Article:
Enamelled signs, which date back to the beginnings of the Metro, symbolise a tradition of excellence that has its place in the renovation project. Durable, impermeable to chemical products, there are thousands of these wall-mounted or suspended signs throughout the network (583 signs in the Opera station alone!). Since every station is unique, each sign is tailor-made, depending on its location within the station and its precise position.
Metro modernisation also calls for a more effective sales service and a greater availability of staff to help and inform passengers. Former sales offices have been replaced by numerous ticket vending machines and Navigo Pass recharging terminals. Staff at ticket counters and information desks are equipped with systems to help them better inform passengers.
• A brighter Metro
RATP has made metro lighting a priority, because light is a key component of comfort and safety in underground spaces. The necessary luminance, which in principle recalls natural lighting, was obtained by coordinating different types of lighting with the reflective capacities of various surfaces.
A veritable calling card for the Metro’s interior spaces, this distinctive lighting reveals their architectural wealth, creates a transition from the exterior to the interior, and helps guide passengers. From the streets to the platforms, there are no less than 17 different models of lamps to gently mark the passenger’s transition through space and reinforce the feeling of security.
|Holophane. Derived from the Greek words holos (whole) and phanein (to appear), a Holophane “appears wholly” luminous. Conceived by the French physicist Augustin Fresnel, its special shape was designed to diffuse light widely. It quickly became an international success. The Holophane lamp has been used to light Metro station entrances since 1930. Its inside reflector was completely redesigned in 2000 by lighting specialist Benoit Lalloz, to accommodate low voltage power sources and to better direct the luminous flux.|
|52.4 kilometres of light strips. Nearly two times the length of the Paris ring road, and specially designed for RATP by Bruno Gaudin and Georges Berne, these light strips are modular and can be used to create light paths. They also serve to hide the cabling used for numerous related applications, such as sound systems, radio networks, telephone repeaters and vital security backups.|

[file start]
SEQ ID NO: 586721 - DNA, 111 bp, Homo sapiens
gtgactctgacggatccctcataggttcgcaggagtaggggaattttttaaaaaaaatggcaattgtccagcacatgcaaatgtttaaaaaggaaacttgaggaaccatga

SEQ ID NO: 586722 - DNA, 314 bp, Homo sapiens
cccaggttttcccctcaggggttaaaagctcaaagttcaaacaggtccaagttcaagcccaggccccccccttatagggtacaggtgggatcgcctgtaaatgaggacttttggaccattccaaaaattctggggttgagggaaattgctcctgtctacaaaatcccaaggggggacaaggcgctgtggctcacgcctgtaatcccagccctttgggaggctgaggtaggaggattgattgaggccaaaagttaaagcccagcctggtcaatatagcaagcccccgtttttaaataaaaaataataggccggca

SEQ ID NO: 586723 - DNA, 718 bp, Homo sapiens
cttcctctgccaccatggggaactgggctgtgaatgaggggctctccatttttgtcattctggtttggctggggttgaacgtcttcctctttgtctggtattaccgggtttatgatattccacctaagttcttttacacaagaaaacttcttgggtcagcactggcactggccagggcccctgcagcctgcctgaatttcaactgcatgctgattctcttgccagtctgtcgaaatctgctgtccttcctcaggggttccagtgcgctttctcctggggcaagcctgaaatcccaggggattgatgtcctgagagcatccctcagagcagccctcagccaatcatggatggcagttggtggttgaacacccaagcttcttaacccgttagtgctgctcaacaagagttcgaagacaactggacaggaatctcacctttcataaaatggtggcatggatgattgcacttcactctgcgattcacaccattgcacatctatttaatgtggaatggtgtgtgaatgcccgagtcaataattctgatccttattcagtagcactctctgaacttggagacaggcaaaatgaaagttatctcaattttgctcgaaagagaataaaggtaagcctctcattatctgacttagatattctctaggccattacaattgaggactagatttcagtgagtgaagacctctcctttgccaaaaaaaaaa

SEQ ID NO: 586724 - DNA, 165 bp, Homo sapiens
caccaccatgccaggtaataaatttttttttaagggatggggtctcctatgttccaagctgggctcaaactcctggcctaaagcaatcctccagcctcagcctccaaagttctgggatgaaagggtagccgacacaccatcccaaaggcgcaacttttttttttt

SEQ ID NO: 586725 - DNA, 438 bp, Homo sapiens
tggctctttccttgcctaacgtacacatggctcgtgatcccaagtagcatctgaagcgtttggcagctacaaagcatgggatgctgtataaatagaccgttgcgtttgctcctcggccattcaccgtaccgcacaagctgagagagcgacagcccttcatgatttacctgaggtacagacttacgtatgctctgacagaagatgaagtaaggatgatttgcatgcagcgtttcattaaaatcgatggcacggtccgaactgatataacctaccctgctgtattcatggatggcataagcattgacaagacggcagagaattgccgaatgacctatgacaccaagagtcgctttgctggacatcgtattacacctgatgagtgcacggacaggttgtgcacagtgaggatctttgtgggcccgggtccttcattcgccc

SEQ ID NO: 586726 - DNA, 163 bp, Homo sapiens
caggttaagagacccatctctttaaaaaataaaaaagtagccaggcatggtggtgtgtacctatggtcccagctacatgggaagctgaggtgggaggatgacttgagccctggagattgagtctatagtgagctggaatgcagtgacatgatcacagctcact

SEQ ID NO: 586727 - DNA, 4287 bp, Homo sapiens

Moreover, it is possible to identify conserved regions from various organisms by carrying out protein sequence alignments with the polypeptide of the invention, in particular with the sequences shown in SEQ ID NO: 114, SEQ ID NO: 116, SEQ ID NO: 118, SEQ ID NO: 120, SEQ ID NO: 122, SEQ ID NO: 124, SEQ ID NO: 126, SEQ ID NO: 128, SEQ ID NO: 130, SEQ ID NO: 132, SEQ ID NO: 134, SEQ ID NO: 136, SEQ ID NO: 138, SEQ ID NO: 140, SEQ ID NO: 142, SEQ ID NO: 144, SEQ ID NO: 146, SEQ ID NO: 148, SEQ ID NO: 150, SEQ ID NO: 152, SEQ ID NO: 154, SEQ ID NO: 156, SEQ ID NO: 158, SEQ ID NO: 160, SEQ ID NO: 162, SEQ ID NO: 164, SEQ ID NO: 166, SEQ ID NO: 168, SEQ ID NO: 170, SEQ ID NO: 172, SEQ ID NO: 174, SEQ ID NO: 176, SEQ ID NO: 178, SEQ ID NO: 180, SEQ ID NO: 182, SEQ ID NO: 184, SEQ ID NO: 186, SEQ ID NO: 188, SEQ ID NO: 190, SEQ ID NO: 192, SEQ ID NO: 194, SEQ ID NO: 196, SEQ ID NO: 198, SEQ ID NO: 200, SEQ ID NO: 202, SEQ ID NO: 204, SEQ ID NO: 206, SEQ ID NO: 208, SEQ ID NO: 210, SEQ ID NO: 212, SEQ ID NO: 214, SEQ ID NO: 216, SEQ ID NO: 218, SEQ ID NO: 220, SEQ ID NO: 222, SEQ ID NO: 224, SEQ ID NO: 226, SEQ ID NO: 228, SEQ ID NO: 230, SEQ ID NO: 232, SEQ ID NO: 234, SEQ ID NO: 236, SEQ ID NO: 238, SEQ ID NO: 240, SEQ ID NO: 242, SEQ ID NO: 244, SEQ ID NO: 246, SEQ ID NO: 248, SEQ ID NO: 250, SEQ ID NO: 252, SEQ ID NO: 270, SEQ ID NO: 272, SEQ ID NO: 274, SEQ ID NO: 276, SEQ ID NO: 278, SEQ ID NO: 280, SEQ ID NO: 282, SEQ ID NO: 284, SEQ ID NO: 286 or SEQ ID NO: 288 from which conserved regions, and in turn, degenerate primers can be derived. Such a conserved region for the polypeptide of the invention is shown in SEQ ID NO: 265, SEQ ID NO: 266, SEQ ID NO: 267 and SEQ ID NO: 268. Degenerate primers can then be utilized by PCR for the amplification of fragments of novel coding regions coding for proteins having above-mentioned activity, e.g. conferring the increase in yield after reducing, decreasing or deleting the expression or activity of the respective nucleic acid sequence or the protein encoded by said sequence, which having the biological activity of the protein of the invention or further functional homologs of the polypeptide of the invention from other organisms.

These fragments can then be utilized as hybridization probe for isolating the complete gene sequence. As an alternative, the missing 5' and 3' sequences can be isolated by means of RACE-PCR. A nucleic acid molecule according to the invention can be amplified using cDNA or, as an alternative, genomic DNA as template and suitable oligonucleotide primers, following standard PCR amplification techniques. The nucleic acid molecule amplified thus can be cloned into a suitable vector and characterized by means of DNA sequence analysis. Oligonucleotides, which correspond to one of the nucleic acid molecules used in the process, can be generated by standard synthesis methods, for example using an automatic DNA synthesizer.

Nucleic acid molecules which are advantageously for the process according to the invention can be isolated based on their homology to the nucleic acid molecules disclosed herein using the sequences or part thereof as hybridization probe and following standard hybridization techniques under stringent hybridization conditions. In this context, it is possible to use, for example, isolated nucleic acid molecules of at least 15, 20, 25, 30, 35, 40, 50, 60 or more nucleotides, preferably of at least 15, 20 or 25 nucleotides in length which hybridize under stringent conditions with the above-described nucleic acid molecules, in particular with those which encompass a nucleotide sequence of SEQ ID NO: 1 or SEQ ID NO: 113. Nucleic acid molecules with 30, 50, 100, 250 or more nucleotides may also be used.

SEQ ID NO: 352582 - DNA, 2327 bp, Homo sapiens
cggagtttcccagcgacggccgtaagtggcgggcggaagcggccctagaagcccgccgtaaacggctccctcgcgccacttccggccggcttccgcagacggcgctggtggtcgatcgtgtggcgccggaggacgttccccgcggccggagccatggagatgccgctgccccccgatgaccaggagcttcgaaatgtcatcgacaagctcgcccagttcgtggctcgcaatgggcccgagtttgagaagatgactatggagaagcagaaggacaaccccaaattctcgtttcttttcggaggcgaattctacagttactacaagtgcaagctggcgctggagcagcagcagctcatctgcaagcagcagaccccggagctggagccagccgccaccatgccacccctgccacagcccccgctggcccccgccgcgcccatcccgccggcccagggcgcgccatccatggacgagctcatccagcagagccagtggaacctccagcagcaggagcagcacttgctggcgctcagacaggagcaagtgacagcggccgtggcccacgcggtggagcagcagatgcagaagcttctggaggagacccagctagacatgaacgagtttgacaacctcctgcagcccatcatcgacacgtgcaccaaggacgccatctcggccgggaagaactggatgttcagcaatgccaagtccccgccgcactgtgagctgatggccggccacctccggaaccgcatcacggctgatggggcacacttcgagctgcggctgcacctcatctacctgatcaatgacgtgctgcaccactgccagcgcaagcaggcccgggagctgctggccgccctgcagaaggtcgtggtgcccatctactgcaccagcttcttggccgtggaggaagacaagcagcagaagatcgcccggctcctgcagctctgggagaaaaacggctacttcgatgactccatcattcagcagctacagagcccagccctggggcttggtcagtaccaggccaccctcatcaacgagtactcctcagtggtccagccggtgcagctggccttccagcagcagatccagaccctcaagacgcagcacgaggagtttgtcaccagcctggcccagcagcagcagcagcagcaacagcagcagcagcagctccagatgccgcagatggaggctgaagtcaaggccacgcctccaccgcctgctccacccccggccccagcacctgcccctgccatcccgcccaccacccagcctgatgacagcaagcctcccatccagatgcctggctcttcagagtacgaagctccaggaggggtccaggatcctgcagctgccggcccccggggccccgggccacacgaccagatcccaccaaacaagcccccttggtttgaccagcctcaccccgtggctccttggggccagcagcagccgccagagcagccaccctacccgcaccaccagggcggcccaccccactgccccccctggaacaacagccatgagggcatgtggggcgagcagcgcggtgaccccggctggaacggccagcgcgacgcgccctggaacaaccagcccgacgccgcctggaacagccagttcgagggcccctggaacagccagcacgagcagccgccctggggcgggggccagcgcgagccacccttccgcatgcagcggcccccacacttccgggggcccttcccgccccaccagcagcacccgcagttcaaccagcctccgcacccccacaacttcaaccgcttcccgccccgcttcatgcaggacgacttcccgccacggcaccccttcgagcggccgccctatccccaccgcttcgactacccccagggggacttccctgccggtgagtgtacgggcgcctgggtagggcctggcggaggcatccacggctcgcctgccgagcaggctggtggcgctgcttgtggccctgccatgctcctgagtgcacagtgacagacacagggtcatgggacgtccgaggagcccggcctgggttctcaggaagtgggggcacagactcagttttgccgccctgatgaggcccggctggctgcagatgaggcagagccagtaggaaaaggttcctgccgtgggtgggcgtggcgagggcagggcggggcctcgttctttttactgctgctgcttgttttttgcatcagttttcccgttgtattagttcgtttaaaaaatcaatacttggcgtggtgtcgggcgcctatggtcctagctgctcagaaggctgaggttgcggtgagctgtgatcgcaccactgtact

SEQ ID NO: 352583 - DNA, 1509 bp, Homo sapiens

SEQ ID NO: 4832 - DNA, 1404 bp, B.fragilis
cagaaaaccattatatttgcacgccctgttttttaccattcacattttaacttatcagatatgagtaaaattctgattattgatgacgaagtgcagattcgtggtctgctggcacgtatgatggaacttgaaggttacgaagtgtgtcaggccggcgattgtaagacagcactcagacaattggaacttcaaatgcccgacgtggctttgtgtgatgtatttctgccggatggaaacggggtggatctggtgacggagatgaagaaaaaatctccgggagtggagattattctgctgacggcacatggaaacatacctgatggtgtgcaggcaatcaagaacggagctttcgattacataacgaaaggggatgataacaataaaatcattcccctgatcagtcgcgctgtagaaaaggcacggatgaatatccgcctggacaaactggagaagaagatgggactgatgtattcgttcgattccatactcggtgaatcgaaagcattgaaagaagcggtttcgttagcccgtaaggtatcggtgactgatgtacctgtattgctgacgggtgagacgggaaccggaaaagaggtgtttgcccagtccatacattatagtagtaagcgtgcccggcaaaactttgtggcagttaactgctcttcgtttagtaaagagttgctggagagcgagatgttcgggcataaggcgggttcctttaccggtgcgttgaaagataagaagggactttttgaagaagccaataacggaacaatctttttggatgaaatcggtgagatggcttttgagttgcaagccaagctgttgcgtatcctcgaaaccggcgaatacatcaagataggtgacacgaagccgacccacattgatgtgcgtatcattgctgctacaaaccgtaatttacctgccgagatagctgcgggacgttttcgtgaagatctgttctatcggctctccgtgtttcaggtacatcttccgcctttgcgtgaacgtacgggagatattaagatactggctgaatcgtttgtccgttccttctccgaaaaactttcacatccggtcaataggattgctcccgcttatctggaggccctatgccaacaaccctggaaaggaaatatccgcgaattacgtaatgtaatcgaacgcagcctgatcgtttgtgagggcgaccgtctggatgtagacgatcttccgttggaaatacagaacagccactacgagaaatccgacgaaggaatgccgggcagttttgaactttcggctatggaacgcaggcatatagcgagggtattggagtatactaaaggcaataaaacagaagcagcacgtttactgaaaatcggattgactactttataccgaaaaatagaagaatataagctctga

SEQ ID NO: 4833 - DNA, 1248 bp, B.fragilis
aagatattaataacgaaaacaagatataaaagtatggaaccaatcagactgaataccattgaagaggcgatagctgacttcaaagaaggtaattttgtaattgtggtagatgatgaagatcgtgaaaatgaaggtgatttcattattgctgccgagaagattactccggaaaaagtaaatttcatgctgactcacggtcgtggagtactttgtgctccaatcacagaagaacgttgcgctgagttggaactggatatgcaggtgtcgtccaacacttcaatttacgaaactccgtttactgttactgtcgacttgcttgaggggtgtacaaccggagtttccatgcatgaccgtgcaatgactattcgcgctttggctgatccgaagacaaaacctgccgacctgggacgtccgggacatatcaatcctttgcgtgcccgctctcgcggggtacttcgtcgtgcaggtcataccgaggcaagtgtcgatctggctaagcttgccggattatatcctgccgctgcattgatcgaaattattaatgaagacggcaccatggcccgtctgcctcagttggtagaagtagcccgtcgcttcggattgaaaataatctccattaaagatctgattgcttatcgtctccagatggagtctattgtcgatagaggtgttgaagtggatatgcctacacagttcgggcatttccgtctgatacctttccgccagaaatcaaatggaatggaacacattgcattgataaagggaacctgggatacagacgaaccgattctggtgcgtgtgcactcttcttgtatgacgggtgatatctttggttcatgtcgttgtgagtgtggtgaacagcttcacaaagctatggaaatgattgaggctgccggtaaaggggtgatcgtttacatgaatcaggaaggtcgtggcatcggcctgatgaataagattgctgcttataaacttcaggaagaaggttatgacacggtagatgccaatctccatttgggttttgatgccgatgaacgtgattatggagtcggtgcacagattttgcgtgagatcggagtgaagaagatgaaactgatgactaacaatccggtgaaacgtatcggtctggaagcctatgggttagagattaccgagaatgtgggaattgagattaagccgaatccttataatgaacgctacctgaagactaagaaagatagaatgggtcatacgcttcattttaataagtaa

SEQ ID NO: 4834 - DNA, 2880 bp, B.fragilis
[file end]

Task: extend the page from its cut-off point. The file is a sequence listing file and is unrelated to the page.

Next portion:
A carefully considered choice
Before the decision is taken to close a station for renovation work, numerous factors are taken into account — including the size of the station, its geographic location (in Paris or the suburbs), the number of connecting lines, and the safety of working conditions.
With few exceptions, renovation work on suburban stations is conducted solely at night during closing hours, between 1:15 a.m. and 5:30 a.m., although a station’s closing time might in some instances be advanced to 10 p.m. For stations in Paris, the decision depends on whether or not there are any connecting lines. If a station has no connecting lines, RATP will close it completely (in Paris, the distance between metro stations is never greater than 500 metres).
If the station has one or more connecting lines, RATP closes the station platforms one by one, with at least one metro line maintaining service to the station.
A station undergoing renovation will not be closed for more than twelve weeks (twelve weeks of work in a closed station is equivalent to six months of work if the same station were to remain open). A replacement bus service is provided when necessary.
Despite construction work, metro traffic continues without interruption and all lines operate normally.
Information for passengers and local residents
RATP has increased the number of information channels directed towards key players (passengers, local residents, officials and STIF) who are affected by the Metro Renovation Programme.
More than a year before renovation begins, RATP teams meet with local officials and residents to reflect on the best way to limit as much as possible any inconveniences arising from construction work.
RATP staff are specially designated to meet personally with those local retailers and establishments (hospitals, schools, museums, movie theatres, etc.) on whom the renovation has a direct impact. Local residents living less than 300 metres from the construction site are notified by mail.
A month before construction begins, signs and signalling are posted along the line in its entirety, on platforms and in trains. During construction work, RATP staff inform passengers in stations that neighbour the closed station in both directions, and audio announcements are broadcast in the trains and in the connecting stations.
|€450m||Budget for the renovation programme, in current euros, entirely financed by RATP. This is equivalent to nearly €500m in 2010 euros|
|20 years||Begun in 1998, the Metro Renovation Programme is scheduled to last twenty years|
|249 stations||As of 1 July 2012, 249 out of 273 stations had been renovated|
||Number of white tiles necessary to cover 1 square metre|
|23 million||Number of bevelled white tiles needed to cover the 272,000 m² of surface area in the halls, corridors and public access areas of the 273 stations in the Metro Renovation Programme|
| 95% ||According to a 2008 survey, 95% of passengers were either satisfied or very satisfied with the renovated stations|
|20 cm||Amount by which stair ramps were raised, taking into account the average height of passengers in the 21st century|
|52.4 km||Total length of light strips installed in the 273 stations|
|17||Number of new lamp models designed by RATP teams and put into service|
||Average number of new seats available in each renovated station|
|55 months||Time needed to renovate the Republique station (2 years of research, bids to tender and contracting, plus 18 months of construction)|